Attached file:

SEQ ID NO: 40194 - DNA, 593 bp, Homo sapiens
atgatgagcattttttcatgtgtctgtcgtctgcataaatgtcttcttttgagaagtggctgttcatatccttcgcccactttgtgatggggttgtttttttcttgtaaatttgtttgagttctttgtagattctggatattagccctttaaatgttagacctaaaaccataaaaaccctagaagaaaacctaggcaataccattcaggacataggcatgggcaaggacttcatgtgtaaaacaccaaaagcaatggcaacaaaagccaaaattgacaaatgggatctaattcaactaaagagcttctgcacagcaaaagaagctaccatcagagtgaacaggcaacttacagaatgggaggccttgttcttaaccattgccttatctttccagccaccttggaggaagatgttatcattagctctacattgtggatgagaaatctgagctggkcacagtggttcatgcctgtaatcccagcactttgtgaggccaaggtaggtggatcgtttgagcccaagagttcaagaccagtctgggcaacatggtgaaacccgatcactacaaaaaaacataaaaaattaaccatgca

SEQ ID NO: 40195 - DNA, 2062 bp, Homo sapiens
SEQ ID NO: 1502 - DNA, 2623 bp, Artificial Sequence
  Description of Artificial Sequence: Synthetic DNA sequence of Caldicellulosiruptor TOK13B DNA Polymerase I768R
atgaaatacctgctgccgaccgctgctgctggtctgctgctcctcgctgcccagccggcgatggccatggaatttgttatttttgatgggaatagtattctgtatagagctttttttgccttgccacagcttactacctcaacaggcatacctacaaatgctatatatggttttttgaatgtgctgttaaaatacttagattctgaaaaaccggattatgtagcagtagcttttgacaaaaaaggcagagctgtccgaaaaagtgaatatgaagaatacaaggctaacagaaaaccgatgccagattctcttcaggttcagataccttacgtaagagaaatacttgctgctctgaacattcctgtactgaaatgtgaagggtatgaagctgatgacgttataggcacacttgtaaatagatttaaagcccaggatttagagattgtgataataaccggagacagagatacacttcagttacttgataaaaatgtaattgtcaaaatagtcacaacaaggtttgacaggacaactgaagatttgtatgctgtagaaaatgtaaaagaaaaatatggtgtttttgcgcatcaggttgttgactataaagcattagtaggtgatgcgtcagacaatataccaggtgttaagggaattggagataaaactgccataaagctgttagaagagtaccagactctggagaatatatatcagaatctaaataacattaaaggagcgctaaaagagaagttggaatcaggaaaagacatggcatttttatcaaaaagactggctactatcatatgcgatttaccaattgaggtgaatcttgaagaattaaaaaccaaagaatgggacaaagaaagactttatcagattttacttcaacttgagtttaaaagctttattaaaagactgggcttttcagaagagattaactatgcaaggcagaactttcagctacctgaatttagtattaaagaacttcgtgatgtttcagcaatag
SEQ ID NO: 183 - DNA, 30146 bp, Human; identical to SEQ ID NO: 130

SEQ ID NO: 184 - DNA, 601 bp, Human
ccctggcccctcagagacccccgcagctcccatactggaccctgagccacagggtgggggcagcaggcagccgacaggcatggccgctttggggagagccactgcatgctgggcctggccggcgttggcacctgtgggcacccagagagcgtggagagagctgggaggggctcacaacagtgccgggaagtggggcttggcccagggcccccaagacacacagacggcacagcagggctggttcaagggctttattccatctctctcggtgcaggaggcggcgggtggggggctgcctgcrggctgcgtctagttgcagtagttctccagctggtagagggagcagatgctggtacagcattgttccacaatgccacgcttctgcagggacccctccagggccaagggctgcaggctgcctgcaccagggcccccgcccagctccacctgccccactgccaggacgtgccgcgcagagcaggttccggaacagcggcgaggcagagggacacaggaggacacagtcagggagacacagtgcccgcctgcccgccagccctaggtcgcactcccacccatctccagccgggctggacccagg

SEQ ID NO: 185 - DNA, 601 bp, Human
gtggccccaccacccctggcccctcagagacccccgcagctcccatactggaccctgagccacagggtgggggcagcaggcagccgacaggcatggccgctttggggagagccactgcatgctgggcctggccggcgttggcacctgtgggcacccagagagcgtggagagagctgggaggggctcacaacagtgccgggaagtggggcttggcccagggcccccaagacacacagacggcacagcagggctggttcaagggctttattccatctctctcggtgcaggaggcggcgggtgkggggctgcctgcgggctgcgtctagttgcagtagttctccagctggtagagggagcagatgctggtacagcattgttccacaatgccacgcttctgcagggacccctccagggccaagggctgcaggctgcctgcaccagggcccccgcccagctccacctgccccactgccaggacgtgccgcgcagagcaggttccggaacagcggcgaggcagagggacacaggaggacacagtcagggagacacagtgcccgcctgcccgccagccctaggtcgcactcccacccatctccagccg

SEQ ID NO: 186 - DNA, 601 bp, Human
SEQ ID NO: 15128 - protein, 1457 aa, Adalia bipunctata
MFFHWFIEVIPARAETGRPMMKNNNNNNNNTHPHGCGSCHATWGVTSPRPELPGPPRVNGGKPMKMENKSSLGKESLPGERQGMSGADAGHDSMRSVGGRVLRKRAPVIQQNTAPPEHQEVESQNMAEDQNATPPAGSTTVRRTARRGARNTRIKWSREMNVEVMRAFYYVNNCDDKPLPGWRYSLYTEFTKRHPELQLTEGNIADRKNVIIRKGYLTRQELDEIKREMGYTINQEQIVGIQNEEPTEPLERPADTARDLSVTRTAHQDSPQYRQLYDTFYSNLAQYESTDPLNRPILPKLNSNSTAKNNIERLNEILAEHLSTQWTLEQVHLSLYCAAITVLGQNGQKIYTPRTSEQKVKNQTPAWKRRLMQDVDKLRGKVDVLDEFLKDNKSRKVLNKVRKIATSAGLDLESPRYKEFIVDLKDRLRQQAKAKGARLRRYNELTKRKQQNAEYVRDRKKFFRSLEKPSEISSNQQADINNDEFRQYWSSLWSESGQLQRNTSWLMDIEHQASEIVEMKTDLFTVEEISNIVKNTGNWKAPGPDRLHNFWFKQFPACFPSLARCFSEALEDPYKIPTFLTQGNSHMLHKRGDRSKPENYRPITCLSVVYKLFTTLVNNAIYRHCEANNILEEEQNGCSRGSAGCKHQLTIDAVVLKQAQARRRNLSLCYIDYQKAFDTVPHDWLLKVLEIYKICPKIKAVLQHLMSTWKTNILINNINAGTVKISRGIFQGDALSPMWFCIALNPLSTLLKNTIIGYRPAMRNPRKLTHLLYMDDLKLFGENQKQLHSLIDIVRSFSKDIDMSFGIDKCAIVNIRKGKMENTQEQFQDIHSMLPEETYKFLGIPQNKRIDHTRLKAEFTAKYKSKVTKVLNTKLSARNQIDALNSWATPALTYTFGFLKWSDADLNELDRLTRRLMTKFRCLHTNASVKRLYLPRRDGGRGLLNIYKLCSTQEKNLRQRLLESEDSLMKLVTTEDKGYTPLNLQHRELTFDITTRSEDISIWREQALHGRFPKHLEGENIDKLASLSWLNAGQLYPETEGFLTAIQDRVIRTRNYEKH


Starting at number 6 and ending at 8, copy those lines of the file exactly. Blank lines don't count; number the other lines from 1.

atgaaatacctgctgccgaccgctgctgctggtctgctgctcctcgctgcccagccggcgatggccatggaatttgttatttttgatgggaatagtattctgtatagagctttttttgccttgccacagcttactacctcaacaggcatacctacaaatgctatatatggttttttgaatgtgctgttaaaatacttagattctgaaaaaccggattatgtagcagtagcttttgacaaaaaaggcagagctgtccgaaaaagtgaatatgaagaatacaaggctaacagaaaaccgatgccagattctcttcaggttcagataccttacgtaagagaaatacttgctgctctgaacattcctgtactgaaatgtgaagggtatgaagctgatgacgttataggcacacttgtaaatagatttaaagcccaggatttagagattgtgataataaccggagacagagatacacttcagttacttgataaaaatgtaattgtcaaaatagtcacaacaaggtttgacaggacaactgaagatttgtatgctgtagaaaatgtaaaagaaaaatatggtgtttttgcgcatcaggttgttgactataaagcattagtaggtgatgcgtcagacaatataccaggtgttaagggaattggagataaaactgccataaagctgttagaagagtaccagactctggagaatatatatcagaatctaaataacattaaaggagcgctaaaagagaagttggaatcaggaaaagacatggcatttttatcaaaaagactggctactatcatatgcgatttaccaattgaggtgaatcttgaagaattaaaaaccaaagaatgggacaaagaaagactttatcagattttacttcaacttgagtttaaaagctttattaaaagactgggcttttcagaagagattaactatgcaaggcagaactttcagctacctgaatttagtattaaagaacttcgtgatgtttcagcaatag
SEQ ID NO: 183 - DNA, 30146 bp, Human; identical to SEQ ID NO: 130

SEQ ID NO: 184 - DNA, 601 bp, Human